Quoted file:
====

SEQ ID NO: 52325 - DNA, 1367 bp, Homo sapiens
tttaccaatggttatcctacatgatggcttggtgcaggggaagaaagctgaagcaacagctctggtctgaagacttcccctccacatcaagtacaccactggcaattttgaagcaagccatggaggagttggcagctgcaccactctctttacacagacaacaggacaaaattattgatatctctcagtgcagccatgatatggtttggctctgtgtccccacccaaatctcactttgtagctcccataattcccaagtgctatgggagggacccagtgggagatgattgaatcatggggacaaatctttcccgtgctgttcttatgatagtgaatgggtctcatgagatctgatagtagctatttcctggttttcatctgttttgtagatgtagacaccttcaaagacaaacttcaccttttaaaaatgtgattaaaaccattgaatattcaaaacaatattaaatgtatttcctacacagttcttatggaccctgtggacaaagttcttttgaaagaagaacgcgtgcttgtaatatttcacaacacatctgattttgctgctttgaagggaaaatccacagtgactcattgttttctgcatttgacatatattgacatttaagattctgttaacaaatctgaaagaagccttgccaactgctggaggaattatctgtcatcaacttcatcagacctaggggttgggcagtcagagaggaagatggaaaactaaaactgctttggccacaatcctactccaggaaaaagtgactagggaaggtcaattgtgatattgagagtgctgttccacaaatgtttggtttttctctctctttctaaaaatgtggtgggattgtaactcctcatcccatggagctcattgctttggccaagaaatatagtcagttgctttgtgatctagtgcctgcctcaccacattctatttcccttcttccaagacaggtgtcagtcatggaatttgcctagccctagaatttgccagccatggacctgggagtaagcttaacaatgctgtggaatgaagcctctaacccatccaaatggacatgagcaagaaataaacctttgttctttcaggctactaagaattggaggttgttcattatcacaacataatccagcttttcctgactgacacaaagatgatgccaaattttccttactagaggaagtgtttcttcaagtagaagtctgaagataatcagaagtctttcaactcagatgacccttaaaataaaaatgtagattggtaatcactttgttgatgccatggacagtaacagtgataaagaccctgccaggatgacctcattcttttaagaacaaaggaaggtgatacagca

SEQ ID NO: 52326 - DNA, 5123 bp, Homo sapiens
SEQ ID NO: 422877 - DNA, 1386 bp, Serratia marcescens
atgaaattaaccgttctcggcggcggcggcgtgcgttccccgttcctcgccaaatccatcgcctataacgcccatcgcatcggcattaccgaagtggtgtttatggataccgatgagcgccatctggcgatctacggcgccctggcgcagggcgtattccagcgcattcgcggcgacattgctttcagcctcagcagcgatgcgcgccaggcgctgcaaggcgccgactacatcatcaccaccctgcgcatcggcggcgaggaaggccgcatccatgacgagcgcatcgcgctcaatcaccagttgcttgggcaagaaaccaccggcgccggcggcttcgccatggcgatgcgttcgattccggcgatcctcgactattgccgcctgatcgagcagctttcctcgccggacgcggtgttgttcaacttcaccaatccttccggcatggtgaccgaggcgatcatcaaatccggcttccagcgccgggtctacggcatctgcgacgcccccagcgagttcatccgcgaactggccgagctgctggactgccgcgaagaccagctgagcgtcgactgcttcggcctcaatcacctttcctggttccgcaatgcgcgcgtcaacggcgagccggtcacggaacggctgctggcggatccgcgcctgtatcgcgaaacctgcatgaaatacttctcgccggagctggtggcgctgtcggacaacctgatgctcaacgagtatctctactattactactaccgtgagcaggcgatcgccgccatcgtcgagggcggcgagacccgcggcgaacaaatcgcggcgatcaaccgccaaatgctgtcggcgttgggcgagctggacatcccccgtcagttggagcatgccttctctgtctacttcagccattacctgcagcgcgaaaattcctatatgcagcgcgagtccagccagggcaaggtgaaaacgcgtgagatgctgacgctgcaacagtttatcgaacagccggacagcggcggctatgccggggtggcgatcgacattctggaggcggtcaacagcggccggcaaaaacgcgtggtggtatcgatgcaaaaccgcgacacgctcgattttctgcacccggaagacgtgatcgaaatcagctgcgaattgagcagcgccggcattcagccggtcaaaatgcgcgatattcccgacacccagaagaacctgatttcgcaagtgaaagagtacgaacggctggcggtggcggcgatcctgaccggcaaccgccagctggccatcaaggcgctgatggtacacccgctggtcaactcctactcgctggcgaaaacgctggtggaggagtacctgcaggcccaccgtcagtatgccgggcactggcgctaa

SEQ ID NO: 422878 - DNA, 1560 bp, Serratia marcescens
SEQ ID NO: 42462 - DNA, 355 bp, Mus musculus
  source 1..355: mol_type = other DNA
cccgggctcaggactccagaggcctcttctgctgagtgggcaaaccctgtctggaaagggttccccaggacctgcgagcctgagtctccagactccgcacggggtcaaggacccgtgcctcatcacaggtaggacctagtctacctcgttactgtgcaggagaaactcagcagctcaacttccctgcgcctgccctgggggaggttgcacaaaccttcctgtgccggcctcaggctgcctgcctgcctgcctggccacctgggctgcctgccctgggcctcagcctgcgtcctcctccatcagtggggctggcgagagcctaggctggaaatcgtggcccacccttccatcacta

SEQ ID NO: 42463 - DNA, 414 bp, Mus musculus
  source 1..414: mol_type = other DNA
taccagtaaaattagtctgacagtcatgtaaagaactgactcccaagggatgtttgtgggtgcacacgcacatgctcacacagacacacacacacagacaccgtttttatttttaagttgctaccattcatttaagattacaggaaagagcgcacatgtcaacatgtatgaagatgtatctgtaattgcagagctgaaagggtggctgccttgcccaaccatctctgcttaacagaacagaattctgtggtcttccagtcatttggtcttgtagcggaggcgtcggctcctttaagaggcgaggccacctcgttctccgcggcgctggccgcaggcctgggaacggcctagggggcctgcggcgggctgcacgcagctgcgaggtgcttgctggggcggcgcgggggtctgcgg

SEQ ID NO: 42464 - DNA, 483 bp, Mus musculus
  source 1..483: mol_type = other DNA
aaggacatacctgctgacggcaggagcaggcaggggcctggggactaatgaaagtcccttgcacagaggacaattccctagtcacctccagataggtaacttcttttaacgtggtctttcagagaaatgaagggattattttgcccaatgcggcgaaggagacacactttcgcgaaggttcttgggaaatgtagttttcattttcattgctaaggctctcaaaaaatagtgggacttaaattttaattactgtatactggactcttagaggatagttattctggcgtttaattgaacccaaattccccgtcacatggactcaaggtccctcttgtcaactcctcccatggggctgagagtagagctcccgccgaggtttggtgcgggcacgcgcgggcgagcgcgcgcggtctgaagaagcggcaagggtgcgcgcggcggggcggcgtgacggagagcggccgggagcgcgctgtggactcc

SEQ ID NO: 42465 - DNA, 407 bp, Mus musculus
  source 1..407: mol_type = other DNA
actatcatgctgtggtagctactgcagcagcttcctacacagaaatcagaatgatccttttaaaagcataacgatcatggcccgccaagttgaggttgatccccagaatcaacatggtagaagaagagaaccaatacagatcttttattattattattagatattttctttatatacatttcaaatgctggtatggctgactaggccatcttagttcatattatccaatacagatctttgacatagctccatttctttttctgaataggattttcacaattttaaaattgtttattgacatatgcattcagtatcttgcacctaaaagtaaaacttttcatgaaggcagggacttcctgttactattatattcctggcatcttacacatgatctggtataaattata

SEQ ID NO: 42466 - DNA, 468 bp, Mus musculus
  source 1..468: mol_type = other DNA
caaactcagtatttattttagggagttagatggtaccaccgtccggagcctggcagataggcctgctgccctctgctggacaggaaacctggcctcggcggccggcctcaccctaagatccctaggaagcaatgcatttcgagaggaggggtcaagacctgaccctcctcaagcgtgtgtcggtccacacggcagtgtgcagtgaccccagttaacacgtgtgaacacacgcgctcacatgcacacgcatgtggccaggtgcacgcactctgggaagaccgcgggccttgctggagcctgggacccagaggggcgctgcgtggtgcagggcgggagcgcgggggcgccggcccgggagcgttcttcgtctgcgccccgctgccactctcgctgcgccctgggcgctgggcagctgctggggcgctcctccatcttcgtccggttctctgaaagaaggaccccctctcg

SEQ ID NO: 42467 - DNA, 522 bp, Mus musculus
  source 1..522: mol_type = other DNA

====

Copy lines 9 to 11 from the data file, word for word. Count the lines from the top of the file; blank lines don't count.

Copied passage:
cccgggctcaggactccagaggcctcttctgctgagtgggcaaaccctgtctggaaagggttccccaggacctgcgagcctgagtctccagactccgcacggggtcaaggacccgtgcctcatcacaggtaggacctagtctacctcgttactgtgcaggagaaactcagcagctcaacttccctgcgcctgccctgggggaggttgcacaaaccttcctgtgccggcctcaggctgcctgcctgcctgcctggccacctgggctgcctgccctgggcctcagcctgcgtcctcctccatcagtggggctggcgagagcctaggctggaaatcgtggcccacccttccatcacta

SEQ ID NO: 42463 - DNA, 414 bp, Mus musculus
  source 1..414: mol_type = other DNA